The Fight For Better Maternity Leave

Among the World's Worst

Women in the United States are penalized every day simply for having babies. This country lags far behind other nations in providing parents with both paid and unpaid leave for childbirth and adoption.

The U. S. is one of only four countries worldwide (the others are Papua New Guinea, Swaziland, and Lesotho) that don't offer guaranteed paid leave to new mothers; women in 163 other countries, including Rwanda and Afghanistan, have the right to paid leave for the birth of a child. In 45 countries, fathers either receive paid parental leave from their employer or have a right to paid parental leave (with income coming from government funds); our country isn't one of them.

But doesn't the U.S.'s FMLA mean everyone can take time off? No. Less than half (46.5 percent) of private-sector employees are both covered by and eligible for FMLA leave. And even though women make up nearly half the workforce, the number of employers offering paid leave is dropping, due to the economic climate and the high cost of health-care benefits. In 2008, 16 percent of employers provided full pay during the postpartum period, down from 27 percent in 1998.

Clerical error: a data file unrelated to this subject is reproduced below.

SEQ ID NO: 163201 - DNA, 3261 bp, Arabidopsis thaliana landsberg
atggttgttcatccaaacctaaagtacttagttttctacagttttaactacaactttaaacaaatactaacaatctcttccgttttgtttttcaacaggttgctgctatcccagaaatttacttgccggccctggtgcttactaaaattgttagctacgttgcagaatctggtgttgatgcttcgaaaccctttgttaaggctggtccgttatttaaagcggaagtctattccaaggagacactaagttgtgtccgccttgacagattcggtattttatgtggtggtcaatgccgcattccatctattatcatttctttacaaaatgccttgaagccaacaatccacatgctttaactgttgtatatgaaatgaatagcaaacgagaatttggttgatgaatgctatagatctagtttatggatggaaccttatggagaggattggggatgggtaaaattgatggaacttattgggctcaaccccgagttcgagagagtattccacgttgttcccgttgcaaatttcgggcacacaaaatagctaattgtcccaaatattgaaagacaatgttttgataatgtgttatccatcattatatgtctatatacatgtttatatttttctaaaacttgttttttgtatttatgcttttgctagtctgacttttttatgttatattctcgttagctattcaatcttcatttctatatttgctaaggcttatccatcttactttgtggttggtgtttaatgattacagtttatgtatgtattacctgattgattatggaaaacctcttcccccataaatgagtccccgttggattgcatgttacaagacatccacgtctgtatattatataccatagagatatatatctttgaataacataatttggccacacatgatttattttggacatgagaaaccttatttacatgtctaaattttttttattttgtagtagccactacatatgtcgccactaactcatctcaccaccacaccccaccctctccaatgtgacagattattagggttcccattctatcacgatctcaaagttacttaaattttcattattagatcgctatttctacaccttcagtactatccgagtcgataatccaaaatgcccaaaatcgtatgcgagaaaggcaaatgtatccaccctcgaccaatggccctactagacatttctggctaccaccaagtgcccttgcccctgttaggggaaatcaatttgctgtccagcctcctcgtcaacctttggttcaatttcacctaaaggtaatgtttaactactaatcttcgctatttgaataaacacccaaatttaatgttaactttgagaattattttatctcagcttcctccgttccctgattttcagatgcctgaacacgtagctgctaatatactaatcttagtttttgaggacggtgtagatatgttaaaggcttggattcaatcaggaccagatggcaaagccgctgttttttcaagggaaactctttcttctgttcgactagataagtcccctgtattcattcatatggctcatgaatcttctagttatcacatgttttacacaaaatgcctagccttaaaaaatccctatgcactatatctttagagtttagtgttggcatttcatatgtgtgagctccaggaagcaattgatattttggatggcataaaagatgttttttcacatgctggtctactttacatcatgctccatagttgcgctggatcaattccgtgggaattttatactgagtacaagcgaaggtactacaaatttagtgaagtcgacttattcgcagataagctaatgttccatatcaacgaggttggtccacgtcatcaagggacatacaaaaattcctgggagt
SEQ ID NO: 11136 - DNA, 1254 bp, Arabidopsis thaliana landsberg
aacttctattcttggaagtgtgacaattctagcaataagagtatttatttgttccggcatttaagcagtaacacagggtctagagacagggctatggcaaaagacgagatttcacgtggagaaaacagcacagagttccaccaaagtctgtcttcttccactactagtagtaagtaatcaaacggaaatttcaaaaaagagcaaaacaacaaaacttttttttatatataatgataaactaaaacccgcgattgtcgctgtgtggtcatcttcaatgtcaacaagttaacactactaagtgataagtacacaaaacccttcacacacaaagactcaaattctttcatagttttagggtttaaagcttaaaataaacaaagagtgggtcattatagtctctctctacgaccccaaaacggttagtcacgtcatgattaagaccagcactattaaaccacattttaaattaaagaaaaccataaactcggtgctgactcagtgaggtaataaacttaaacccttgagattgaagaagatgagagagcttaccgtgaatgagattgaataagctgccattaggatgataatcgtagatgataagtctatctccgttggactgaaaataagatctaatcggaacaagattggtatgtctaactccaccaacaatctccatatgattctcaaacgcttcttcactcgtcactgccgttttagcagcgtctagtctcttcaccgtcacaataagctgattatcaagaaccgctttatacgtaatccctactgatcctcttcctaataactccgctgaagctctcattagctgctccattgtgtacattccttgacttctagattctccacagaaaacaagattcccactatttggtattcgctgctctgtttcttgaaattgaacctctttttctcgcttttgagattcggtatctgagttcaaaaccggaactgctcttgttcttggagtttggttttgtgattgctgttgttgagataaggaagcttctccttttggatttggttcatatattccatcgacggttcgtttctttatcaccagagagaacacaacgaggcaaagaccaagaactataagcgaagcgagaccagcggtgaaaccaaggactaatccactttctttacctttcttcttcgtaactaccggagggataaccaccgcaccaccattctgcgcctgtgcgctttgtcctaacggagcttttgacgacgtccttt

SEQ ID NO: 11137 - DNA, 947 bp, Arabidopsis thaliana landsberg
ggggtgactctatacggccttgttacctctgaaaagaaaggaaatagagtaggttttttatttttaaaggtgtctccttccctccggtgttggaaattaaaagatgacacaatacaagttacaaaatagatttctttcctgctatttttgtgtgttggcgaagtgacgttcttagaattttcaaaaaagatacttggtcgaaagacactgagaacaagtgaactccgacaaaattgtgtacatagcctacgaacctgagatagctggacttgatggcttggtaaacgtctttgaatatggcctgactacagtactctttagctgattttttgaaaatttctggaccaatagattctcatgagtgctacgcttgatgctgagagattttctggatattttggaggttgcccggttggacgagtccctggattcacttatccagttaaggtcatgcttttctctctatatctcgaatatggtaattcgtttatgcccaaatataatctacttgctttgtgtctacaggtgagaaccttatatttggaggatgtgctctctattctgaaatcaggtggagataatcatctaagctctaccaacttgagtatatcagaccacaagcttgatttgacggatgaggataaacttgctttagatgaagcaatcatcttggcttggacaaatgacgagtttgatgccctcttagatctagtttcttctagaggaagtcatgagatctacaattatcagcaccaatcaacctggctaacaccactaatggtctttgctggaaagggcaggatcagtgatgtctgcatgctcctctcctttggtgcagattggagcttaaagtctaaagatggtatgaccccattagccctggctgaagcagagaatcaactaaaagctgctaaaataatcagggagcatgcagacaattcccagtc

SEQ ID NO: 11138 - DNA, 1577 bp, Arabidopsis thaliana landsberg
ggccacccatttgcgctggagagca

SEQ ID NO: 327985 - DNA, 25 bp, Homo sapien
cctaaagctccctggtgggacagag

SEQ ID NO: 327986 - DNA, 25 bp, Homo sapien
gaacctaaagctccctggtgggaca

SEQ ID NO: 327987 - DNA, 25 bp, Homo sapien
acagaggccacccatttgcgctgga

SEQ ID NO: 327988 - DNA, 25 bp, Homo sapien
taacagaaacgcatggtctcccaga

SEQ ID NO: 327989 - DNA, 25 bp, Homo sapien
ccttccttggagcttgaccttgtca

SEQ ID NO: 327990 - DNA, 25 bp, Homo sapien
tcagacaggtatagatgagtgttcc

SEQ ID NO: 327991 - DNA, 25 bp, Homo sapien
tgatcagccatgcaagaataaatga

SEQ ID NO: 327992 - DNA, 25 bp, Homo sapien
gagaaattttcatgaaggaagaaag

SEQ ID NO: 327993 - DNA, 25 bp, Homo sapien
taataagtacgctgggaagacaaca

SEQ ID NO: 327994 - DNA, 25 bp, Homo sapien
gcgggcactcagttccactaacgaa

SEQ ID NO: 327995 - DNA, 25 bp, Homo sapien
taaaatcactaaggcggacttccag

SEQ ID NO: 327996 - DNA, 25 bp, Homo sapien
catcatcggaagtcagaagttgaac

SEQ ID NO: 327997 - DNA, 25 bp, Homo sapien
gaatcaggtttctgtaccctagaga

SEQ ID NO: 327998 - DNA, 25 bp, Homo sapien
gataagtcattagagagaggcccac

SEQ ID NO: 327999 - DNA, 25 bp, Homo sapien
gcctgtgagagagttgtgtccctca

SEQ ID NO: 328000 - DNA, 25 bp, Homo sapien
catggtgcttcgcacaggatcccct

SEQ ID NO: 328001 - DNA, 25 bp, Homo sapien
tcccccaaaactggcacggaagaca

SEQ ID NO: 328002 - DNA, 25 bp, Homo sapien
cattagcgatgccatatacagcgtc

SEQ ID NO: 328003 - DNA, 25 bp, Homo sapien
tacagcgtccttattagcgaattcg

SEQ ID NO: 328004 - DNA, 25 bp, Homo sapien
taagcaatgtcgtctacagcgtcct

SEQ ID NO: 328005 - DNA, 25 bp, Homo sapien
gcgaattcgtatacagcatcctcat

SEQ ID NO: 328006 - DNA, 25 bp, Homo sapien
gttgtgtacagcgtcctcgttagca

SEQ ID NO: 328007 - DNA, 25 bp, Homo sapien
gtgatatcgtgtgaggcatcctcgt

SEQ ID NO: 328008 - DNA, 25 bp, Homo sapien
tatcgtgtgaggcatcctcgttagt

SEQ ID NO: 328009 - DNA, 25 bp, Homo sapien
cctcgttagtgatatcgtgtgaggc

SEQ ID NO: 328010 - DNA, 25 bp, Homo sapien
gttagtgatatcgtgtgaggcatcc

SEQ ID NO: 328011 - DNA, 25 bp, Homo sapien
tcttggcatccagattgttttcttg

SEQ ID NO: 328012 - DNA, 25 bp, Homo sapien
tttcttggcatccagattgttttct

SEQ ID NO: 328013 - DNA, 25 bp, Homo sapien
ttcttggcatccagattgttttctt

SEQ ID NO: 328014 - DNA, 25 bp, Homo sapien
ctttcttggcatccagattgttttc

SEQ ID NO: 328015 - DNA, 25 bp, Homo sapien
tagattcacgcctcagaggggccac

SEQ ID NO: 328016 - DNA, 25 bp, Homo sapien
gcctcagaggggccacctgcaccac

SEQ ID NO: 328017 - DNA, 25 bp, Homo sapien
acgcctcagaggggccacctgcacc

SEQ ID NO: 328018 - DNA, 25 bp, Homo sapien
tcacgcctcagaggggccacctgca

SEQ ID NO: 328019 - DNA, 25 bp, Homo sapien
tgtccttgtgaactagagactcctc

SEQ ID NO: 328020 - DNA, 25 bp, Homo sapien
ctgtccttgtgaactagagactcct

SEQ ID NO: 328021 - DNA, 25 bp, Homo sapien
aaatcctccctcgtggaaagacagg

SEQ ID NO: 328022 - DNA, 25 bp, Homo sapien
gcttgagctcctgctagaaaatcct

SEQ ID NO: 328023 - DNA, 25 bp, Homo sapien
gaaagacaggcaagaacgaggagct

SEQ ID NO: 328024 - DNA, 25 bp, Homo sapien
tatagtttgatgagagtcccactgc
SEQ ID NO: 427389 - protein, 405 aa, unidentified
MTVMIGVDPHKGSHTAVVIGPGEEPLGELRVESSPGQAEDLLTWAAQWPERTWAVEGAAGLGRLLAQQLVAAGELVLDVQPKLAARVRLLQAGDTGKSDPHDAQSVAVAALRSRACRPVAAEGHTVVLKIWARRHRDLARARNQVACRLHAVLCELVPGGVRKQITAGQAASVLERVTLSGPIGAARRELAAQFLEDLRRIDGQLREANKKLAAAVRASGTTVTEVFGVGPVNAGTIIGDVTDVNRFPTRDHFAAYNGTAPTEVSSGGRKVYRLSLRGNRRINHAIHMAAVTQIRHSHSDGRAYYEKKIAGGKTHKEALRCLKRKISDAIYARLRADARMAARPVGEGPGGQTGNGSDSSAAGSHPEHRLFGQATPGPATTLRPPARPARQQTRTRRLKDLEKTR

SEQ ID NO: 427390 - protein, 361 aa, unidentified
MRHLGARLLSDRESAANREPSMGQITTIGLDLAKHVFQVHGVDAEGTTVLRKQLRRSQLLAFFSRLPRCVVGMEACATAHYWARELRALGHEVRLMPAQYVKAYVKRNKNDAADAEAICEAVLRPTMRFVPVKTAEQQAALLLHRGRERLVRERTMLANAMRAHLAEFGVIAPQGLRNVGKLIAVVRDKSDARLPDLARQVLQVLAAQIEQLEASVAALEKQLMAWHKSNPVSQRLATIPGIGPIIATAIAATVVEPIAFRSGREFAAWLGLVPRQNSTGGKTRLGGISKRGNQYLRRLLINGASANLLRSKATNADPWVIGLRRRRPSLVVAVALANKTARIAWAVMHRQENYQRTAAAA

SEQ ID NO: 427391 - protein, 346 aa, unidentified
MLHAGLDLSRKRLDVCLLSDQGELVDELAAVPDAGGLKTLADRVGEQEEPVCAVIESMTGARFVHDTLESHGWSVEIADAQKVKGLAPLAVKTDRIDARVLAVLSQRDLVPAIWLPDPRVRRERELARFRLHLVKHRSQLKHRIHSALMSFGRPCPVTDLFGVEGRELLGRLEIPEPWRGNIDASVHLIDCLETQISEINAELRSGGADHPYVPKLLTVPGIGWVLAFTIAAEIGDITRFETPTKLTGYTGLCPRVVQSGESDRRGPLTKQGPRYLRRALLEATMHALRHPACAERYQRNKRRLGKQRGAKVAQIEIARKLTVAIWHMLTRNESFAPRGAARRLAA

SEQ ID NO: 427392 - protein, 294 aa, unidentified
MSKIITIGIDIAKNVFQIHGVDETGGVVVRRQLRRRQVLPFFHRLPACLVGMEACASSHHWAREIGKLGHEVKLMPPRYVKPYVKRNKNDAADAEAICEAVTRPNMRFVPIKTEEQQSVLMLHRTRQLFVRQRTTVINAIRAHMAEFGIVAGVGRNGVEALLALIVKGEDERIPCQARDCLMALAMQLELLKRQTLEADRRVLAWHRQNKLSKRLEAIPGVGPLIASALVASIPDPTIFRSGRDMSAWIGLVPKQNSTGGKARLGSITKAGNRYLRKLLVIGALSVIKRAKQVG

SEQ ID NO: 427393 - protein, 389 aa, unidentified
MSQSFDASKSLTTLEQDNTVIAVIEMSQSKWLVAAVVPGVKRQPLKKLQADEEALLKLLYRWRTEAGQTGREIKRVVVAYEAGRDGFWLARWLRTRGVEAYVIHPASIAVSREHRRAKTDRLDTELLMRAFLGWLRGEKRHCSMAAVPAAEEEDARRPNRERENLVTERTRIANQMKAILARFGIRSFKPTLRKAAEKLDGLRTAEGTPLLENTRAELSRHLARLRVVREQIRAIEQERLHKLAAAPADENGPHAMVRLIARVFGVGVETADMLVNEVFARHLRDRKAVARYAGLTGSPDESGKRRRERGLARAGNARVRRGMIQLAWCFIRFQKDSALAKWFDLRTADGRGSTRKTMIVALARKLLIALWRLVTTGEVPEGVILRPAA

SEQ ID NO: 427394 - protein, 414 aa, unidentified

You might assume that you can use your sick days to get paid during your leave, or receive disability pay. Not necessarily. Just four U.S. states (Connecticut, Hawaii, Washington, and Wisconsin) have laws guaranteeing the use of accrued sick days or other leave to care for a new child. Only five states (California, Hawaii, New Jersey, New York, and Rhode Island), plus Puerto Rico, have disability-insurance programs providing some pay for employees who are temporarily disabled for non-work-related reasons, including pregnancy and childbirth.

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